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Approaching study of Written and Oral Torah
We are making progress! But there is still some clarification needed. On another thread in this section,

you'll find this as post #8:

Learning about the Commandments

In fact, a faithful Noahide is allowed to learn the basics of what the Jews are required to do in fulfillment of their 613 Jewish commandments (many of which are temporarily not able to be followed during the present era of the Diaspora, before the rebuilding of the Holy Temple). This information is found, for example, in the classical codifications of Jewish Torah Law. It is the in-depth Talmudic and Midrashic commentaries and analysis on the Torah and its laws which should be learned exclusively by Jews.

The Oral Torah actually consists of two main parts, and you can find this explained in Mishneh Torah by Rambam. One part is generically called "Mishnah," and it encompases the straightforward descriptions of what are the Divine Commandments for Jews and Gentiles, and the opinions of the Sages on what one needs to do to properly fulfill them, i.e., how strict or lenient the observance needs to be on any particular aspects of the observance. Torah-faithful pious Gentiles are allowed to learn this dimension of the Oral Torah, because it is basic information and does not require in-depth study. Examples are the Mishnah itself (even though it is likely to be confusing to non-scholars), and the codifications of the commandments, such as Rambam's "Sefer HaMitzvot" (Book of the Commandments) and his "Mishneh Torah," Rabbi Yosef Karo's "Shulchan Aruch" (the basic text), and the abridged "Kitzur Shulchan Aruch." Also included are straightforward explanations of the simple meaning of the Hebrew Bible, such as the commentary of Rashi, or commentary overviews, such as the Stone Edition Chumash (Five Books of Moses) published by Artscroll.

The other part of the Oral Torah is called "Gemara," and it involves study of in-depth, investigative, derivational and homiletic analyses of the Written Torah and the "Mishnah" part of Torah. That is only permitted for pious Gentiles within the subjects that pertain to the Noahide Commandments, and even within that, only study is permitted, but not making legal rulings. It is only expert Jewish Rabbis who may determine the actual rules for observance in the many particular situations that arise in practice.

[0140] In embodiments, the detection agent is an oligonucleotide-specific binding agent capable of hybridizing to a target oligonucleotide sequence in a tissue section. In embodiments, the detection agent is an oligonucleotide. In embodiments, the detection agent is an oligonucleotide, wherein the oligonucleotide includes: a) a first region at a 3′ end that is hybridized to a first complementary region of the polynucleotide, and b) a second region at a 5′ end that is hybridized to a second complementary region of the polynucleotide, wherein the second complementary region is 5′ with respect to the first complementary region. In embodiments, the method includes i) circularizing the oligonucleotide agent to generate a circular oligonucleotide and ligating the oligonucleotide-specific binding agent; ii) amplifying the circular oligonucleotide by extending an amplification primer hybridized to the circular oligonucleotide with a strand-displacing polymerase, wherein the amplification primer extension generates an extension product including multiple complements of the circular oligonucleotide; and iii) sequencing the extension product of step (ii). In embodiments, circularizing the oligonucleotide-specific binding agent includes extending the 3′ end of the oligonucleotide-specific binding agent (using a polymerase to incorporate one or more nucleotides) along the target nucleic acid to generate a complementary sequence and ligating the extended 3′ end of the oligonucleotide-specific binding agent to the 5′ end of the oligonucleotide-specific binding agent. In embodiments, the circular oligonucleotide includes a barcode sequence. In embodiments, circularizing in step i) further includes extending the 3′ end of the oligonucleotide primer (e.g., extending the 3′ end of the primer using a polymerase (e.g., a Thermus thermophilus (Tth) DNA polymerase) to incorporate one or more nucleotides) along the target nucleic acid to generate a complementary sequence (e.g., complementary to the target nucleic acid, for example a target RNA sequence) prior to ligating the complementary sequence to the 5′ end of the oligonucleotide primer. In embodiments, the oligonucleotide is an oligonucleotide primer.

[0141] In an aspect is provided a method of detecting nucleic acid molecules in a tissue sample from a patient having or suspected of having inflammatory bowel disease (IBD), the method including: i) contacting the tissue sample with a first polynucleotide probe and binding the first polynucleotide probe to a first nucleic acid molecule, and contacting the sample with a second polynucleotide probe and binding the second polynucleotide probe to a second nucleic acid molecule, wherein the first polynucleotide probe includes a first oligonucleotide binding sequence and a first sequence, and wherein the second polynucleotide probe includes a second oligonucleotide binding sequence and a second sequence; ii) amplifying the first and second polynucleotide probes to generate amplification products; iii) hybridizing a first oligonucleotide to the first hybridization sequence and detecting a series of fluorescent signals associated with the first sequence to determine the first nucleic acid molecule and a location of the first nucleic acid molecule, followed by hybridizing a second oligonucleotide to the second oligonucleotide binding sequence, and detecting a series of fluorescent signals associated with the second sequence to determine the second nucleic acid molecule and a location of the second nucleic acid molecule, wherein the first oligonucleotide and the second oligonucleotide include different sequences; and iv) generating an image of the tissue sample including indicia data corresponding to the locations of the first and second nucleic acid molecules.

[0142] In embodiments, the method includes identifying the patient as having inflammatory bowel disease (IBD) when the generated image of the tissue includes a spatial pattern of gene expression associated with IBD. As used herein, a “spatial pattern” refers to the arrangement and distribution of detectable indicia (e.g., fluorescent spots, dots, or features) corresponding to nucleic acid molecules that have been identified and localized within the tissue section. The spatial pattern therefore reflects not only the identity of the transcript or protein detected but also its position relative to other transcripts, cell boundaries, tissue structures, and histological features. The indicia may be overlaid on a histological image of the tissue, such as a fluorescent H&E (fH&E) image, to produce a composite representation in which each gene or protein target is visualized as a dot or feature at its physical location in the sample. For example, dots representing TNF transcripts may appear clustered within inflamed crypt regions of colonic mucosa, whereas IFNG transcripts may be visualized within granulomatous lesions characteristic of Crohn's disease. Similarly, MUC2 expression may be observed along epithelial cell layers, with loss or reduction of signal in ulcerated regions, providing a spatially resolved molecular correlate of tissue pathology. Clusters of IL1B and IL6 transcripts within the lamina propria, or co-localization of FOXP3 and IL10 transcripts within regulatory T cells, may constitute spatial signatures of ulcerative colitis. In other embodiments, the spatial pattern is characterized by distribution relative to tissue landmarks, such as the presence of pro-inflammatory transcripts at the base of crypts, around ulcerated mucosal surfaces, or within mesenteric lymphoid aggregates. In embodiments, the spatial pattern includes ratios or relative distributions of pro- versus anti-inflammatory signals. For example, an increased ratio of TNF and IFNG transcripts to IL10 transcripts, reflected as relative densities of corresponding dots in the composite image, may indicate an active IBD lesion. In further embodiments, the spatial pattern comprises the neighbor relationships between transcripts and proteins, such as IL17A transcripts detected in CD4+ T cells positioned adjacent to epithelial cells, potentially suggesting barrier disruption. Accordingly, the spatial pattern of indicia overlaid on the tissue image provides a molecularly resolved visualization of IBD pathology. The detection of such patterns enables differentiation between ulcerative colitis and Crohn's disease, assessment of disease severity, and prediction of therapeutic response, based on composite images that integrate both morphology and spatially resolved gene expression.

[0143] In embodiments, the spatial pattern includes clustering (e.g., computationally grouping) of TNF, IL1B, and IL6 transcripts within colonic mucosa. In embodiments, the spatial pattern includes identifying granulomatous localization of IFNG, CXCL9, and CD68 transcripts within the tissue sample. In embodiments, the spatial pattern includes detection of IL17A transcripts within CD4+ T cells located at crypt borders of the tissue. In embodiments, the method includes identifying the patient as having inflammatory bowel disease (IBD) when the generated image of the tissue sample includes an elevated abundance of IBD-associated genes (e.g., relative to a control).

Since the very text of the Talmud itself, and the in-depth commentaries on any parts of Torah, involve this type of investigative learning, these sources should not be learned by righteous Gentiles, except in areas that are related to the observance of the Noahide Commandments.

Furthermore, it is even not allowed for Rabbis in these later generations to make legal rulings based directely on the Talmud, unless there is no other possible option, or in cases which are truly simple and obvious. Instead, they are to follow the Torah-law rulings of the greater Sages in the earlier generations, who already analyzed and understood the Talmud thoroughly, and took upon themselves the responsibility to codify the authentic practical rulings which follow from it.

Of course, Rabbinical works on subjects of Torah ethics, self-improvement, and learning about the greatness of G-d and about His Unity and Divine Providence, etc. are permitted for pious Gentiles to learn. But as you consider what sources to read as you advance over time, advice and guidance from a reliable mentor is HIGHLY recommended.

Messages In This Thread
RE: Approaching study of Written and Oral Torah - by Director Michael - 10-07-2008, 02:55 AM
RE: Approaching study of Written and Oral Torah - by Joachim ben Noach - 10-28-2008, 11:38 PM
Talmud study for noahides - by newman - 10-01-2008, 10:22 AM
RE: Talmud study for noahides - by newman - 10-06-2008, 10:15 AM
Study of Judaic religious texts? - by NoahideBrah - 03-01-2012, 10:43 AM
Reading beyond the seven laws - by intruder13 - 09-06-2017, 02:50 AM

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